Very well researched, organizing all the information gleaned from letters seamlessly. One of Isaacson's best. Very well dramatized. The only small flaw is trying to explain some of the theories--unnecessary. Otherwise, it was great to see Einstein's early struggles with math/academics, and his personal and romantic life. Well done.
This book is more of a study and/or analysis (sometimes a play-by-play) of his work than his personal life. It does start out OK but soon gets completely bogged down in scientific rhetoric. If you are not interested in paragraph after paragraph of abstruse, esoteric details of his experiments and discoveries, this is NOT the book for you.
If you are in the scientific field and would enjoy the breakdown of each of AEs experiments down to the molecule, I predict this book will fascinate you.
His humanitarian efforts and objection of conformity.
Edward makes all the difference.
A must read if one wants to understand the history of human kind.
This is a wonderfully written and well told biography of one of history's greatest scientists and a fascinating man. But if I were doing it again, I'd read instead of listen, because I'd skip the physics and concentrate on the biography. Hard to skip half chapters in an audiobook.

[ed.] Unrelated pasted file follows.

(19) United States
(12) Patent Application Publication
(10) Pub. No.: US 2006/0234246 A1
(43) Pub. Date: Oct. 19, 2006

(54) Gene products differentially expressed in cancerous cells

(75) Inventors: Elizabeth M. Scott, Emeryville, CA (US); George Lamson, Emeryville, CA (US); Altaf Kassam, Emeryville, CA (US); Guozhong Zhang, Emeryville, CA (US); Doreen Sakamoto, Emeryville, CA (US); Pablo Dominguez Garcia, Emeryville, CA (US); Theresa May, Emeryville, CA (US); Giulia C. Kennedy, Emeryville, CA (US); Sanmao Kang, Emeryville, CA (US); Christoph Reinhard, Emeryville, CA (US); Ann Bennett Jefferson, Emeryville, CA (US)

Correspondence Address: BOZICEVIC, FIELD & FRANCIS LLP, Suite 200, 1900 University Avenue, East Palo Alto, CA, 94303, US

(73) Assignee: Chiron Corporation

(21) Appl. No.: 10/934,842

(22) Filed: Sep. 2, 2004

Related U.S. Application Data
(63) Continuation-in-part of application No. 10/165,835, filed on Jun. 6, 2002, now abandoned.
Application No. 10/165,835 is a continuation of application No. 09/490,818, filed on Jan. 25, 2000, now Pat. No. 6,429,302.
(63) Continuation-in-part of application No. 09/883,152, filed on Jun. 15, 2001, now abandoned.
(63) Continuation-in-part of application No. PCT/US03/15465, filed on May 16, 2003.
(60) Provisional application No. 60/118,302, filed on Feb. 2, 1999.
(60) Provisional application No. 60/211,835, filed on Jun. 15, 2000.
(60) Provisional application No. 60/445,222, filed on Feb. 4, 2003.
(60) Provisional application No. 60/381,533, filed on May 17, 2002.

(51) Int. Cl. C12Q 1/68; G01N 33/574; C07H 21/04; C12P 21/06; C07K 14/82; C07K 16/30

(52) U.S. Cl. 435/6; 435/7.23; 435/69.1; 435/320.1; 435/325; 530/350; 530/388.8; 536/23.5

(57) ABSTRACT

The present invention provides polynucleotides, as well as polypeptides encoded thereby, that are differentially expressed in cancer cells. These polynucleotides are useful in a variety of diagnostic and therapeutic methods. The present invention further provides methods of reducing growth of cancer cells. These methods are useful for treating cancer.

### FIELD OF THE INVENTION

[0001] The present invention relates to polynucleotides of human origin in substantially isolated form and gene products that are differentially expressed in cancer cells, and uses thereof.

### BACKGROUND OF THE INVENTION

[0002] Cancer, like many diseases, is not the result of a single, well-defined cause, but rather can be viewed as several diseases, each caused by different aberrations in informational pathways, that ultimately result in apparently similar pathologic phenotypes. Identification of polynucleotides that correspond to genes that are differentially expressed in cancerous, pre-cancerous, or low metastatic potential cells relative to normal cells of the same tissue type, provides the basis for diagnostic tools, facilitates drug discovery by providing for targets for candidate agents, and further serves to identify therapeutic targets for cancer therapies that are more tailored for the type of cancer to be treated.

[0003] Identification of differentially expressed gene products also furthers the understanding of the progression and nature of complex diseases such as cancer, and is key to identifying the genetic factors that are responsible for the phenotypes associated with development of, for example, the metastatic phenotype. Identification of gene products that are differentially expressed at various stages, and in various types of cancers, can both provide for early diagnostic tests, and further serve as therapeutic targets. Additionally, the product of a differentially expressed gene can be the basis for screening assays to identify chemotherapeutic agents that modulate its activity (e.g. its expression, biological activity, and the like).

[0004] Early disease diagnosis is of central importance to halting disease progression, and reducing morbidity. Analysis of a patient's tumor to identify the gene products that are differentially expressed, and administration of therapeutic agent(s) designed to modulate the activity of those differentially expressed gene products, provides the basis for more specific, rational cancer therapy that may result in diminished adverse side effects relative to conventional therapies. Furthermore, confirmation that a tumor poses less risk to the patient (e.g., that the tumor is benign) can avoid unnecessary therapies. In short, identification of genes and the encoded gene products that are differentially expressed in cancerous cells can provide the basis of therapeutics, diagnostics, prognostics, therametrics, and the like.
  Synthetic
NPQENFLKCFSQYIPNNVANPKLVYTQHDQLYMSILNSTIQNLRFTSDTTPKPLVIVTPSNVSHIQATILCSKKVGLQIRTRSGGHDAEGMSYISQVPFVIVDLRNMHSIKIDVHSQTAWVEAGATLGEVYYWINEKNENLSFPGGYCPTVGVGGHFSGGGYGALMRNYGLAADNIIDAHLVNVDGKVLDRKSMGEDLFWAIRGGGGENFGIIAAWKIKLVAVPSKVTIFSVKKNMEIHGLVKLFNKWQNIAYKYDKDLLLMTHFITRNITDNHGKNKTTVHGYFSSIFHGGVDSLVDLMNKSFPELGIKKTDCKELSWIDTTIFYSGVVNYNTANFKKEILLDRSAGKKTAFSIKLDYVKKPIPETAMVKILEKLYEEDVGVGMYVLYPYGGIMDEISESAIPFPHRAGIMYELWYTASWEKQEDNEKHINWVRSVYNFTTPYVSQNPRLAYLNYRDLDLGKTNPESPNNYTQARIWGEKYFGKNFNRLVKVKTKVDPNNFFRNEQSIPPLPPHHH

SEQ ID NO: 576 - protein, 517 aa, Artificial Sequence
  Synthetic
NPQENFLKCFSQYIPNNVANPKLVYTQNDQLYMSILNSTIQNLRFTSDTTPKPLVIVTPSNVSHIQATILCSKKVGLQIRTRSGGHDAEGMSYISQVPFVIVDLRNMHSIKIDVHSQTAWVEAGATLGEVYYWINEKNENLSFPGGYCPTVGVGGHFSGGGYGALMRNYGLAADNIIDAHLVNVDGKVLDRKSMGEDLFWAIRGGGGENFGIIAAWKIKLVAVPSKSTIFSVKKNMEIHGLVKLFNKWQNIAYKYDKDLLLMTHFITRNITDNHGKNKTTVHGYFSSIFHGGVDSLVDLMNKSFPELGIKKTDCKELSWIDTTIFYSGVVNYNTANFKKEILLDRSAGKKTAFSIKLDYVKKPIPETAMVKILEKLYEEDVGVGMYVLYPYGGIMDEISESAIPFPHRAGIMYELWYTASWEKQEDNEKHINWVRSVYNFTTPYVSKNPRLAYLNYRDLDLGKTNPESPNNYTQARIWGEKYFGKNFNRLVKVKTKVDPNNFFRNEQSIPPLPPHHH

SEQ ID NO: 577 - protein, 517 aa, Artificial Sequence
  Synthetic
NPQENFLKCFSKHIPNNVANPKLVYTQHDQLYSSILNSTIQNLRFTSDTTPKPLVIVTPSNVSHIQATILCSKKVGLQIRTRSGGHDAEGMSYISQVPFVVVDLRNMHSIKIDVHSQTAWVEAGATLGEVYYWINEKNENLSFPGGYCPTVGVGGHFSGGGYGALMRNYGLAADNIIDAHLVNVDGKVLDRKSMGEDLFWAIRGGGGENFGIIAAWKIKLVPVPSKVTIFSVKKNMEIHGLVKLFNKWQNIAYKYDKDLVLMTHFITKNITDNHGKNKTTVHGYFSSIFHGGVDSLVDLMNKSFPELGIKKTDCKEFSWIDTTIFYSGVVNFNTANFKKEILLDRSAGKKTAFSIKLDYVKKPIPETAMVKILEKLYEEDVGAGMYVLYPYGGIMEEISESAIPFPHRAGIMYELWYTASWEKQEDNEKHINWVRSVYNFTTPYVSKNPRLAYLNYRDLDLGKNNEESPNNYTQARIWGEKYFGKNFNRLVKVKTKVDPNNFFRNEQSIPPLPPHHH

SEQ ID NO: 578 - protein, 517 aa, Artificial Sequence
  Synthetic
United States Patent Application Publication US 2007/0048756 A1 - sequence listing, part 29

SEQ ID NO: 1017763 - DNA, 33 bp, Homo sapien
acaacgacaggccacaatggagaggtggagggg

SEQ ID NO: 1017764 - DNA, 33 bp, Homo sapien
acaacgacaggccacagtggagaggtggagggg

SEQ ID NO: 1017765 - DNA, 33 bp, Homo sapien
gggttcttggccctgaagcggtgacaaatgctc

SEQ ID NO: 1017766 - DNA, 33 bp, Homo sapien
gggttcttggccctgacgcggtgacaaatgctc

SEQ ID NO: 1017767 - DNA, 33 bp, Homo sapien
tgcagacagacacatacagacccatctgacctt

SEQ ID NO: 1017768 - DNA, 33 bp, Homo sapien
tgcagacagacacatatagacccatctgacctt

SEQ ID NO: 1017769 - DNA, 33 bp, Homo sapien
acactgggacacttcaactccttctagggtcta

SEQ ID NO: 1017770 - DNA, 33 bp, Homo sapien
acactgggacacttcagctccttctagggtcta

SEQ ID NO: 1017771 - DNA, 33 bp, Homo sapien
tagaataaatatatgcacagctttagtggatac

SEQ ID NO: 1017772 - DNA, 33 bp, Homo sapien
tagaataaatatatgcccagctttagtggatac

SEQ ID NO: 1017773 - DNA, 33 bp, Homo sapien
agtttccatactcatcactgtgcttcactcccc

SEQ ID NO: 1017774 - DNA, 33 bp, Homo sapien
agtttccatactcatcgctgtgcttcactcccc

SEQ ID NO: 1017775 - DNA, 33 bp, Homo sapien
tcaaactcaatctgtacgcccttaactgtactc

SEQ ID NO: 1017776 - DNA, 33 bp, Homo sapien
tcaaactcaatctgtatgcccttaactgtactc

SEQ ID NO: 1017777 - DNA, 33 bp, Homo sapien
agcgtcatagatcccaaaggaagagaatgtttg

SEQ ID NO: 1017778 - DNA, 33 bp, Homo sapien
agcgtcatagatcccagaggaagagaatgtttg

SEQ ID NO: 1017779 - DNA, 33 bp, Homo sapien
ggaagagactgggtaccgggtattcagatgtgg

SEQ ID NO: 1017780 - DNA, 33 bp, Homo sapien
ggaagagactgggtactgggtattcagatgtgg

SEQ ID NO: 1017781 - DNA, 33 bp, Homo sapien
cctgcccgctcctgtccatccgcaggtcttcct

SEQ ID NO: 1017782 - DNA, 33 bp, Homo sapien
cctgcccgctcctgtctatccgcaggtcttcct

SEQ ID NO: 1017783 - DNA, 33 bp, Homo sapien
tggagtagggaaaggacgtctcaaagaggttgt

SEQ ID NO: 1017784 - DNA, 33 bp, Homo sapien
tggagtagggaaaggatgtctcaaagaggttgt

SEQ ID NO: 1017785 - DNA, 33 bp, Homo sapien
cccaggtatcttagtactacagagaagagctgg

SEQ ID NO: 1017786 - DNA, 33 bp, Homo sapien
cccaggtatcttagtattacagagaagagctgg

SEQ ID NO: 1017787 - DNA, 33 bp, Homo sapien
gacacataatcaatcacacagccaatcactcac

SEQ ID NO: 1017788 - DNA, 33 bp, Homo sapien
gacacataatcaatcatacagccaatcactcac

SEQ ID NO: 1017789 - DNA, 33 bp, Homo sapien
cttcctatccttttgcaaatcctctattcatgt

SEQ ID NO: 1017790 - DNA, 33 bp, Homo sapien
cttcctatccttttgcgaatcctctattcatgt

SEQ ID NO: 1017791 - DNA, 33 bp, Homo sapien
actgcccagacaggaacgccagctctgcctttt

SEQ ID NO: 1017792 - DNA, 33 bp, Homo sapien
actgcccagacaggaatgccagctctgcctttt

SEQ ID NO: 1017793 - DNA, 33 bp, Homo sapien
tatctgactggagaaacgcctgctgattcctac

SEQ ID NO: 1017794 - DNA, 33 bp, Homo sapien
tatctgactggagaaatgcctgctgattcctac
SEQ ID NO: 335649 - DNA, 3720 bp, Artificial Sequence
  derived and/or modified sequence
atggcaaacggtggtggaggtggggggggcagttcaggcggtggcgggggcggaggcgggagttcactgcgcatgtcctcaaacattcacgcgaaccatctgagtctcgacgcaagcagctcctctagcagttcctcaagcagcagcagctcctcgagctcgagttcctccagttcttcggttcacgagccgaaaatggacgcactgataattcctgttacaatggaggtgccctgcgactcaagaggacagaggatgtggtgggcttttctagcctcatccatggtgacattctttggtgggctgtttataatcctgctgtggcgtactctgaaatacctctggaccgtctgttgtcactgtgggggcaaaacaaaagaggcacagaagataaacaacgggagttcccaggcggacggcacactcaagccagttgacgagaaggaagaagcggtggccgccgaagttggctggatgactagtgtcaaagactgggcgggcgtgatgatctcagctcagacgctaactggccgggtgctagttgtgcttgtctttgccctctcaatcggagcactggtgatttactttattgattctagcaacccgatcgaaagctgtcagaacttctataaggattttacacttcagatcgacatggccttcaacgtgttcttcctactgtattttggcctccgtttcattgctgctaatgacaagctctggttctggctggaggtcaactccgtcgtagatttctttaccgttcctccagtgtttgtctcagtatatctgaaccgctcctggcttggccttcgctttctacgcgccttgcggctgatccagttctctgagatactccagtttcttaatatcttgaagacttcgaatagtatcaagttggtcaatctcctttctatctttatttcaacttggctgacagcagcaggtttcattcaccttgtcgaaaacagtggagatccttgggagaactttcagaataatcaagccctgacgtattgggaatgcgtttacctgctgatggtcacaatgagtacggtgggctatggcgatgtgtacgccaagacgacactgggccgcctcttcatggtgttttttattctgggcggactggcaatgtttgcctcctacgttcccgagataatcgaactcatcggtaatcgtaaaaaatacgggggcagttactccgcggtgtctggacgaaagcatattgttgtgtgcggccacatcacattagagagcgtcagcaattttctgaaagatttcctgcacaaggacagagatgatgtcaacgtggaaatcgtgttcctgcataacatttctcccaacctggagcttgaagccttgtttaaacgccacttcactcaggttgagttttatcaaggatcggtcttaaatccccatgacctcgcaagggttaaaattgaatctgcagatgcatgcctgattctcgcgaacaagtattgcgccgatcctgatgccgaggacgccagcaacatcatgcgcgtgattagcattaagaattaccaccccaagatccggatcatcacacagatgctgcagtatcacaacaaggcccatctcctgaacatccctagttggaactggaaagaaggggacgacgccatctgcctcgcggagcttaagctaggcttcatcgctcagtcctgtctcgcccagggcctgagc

A great story, well written, Isaacson describes Einstein's human side along with his scientific theories. Definitely worth the credit and the time to listen. Outstanding narration as well.
What I enjoyed most about this book was Einstein was human. He had problems in his life, he had faults, any did not know everything. I like to tell people that he was a normal person just like you and me. However when I tell people that they look at me funny so you have to read the book in order to possibly come away with that concept. The book might have a few technical areas that deal with his theories, this may tend to bog some readers down just a bit, but I would urge that you would stay with it for the true life human realizations that comprise 90% of the book are well worth reading. I particularly liked the story when he was living in the Trenton New Jersey he called Princeton University to talk to the Dean, he was calling from a pay phone to ask the Dean what his address was because he was lost, he had gone for a walk and this was typical that he would not remember simple items in his life, like where his house was.